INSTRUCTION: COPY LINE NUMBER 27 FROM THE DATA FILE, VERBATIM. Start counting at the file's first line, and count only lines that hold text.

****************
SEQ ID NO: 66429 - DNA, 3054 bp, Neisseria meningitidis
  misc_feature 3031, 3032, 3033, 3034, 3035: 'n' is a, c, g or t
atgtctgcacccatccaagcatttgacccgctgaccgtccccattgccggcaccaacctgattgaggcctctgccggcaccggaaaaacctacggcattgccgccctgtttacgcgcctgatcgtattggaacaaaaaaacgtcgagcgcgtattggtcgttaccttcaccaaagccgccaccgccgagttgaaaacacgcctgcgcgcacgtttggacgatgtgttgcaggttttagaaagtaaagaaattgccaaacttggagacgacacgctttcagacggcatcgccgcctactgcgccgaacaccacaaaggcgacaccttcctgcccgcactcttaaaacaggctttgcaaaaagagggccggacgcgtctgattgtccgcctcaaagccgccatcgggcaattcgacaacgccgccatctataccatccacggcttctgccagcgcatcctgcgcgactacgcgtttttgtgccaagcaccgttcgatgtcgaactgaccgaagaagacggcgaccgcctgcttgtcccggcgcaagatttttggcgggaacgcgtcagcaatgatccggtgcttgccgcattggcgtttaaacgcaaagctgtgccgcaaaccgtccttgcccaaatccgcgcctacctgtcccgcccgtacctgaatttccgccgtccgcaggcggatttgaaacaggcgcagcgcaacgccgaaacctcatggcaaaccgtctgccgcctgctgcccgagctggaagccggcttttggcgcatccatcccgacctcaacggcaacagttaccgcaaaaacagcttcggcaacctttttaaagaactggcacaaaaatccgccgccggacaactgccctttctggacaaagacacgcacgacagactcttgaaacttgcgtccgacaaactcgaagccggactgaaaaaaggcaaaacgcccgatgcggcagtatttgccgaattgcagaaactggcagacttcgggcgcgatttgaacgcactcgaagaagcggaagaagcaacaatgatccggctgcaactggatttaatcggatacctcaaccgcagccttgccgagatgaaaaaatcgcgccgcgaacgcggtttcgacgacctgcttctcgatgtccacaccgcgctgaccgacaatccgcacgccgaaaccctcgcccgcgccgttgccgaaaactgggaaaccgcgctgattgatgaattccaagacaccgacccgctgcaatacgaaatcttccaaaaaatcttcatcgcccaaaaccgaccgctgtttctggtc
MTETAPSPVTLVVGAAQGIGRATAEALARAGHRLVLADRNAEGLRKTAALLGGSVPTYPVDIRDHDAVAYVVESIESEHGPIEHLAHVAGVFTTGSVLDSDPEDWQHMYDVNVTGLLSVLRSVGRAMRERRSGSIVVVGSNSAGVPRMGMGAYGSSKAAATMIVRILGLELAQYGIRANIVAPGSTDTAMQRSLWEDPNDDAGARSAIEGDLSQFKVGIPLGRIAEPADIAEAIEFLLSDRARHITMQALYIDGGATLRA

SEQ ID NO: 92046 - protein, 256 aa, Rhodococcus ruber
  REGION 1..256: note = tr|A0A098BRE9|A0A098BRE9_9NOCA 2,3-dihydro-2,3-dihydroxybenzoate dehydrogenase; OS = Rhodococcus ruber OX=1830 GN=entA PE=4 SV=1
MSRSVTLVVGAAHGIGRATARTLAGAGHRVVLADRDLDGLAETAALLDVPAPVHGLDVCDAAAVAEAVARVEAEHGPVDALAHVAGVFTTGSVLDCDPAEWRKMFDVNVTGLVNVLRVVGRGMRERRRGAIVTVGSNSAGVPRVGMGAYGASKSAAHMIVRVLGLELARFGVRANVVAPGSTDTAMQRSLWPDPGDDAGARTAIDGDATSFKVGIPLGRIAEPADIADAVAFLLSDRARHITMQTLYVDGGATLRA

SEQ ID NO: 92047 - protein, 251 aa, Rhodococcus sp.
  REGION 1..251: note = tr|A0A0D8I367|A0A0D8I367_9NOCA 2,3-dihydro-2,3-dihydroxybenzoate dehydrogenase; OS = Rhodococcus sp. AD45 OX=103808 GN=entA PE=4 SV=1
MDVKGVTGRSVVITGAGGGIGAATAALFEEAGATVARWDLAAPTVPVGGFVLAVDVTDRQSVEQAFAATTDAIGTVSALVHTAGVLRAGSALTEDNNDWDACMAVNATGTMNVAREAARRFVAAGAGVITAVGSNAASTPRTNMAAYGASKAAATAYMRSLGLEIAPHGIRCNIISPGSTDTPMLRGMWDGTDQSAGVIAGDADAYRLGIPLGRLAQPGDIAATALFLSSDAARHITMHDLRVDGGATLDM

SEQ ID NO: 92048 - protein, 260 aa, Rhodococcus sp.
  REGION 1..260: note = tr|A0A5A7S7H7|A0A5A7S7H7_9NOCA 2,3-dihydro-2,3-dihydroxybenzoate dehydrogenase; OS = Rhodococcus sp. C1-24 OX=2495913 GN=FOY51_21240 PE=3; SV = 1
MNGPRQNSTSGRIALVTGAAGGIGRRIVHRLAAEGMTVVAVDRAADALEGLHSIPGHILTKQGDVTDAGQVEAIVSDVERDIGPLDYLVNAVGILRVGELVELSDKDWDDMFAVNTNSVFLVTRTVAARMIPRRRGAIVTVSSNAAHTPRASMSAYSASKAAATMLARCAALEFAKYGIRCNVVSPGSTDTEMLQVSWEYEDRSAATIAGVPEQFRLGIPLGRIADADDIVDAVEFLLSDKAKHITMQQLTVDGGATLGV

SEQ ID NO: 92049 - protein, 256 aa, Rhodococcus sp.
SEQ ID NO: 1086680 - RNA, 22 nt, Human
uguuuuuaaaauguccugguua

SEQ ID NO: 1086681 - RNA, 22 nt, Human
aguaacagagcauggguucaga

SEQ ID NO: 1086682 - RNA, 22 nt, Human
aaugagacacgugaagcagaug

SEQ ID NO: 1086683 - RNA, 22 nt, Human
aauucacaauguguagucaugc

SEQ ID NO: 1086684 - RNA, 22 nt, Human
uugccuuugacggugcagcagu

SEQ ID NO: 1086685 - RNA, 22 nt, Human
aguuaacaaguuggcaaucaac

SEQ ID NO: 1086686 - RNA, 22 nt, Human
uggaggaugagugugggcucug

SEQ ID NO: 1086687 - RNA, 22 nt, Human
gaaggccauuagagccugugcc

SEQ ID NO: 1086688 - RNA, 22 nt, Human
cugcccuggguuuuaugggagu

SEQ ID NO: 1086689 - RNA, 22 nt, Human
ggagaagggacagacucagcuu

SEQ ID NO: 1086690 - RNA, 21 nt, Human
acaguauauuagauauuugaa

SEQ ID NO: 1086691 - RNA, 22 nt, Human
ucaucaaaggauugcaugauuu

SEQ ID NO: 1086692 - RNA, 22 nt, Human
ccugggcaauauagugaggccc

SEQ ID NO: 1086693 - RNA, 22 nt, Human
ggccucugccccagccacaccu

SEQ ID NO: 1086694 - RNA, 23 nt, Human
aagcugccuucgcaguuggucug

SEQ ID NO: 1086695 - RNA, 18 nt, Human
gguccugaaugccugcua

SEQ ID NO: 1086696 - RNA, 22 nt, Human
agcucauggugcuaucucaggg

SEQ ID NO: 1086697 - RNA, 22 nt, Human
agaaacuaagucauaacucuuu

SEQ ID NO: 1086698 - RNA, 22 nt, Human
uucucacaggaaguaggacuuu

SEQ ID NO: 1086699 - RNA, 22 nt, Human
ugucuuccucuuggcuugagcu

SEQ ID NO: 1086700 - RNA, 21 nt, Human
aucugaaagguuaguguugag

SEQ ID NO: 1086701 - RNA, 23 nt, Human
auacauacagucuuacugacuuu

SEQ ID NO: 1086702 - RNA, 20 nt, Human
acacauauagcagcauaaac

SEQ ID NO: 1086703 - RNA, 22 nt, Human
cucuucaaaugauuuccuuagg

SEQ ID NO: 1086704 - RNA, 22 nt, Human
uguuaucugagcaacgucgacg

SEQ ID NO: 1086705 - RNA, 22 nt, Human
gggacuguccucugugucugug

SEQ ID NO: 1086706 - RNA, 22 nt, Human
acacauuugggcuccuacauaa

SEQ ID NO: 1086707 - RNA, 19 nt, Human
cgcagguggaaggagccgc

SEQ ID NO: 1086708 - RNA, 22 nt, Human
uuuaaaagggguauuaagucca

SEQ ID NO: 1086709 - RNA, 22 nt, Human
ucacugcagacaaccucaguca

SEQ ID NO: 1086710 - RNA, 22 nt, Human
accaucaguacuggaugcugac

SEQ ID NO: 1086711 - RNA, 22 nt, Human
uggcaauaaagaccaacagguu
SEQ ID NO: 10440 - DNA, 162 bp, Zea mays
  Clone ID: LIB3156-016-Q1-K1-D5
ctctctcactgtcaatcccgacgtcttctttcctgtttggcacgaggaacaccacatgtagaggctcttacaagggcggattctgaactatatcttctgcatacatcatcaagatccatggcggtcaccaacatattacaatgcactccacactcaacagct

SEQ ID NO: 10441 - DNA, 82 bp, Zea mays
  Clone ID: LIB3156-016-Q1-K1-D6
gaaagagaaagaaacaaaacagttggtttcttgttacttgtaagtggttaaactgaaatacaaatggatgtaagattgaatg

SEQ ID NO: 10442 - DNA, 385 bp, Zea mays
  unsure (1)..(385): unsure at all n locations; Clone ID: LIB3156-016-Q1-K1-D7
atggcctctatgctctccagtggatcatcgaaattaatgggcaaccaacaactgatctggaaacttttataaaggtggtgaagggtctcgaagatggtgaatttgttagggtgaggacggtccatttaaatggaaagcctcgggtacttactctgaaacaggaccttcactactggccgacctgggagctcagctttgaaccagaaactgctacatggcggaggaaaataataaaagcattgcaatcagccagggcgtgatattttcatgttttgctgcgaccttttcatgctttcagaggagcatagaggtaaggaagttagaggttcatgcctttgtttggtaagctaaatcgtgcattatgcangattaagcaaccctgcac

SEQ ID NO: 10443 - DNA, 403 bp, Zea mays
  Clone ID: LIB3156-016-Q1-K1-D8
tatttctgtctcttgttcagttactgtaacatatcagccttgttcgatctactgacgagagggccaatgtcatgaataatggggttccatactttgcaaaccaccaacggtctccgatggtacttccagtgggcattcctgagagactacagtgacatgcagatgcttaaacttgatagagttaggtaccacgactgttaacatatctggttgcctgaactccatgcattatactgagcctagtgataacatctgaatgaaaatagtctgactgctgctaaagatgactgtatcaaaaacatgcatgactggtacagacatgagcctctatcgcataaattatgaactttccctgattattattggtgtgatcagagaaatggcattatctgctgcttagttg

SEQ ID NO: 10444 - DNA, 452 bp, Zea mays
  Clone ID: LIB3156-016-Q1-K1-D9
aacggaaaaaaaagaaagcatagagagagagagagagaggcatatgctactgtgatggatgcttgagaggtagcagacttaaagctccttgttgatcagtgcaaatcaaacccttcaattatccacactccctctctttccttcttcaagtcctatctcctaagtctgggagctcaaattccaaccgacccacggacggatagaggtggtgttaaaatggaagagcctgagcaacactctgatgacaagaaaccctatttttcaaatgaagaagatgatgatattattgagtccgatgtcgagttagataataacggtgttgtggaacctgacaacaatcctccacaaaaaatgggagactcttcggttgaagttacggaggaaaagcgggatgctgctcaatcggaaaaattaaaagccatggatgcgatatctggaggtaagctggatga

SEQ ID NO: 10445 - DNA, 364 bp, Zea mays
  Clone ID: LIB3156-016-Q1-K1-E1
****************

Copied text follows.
SEQ ID NO: 1086686 - RNA, 22 nt, Human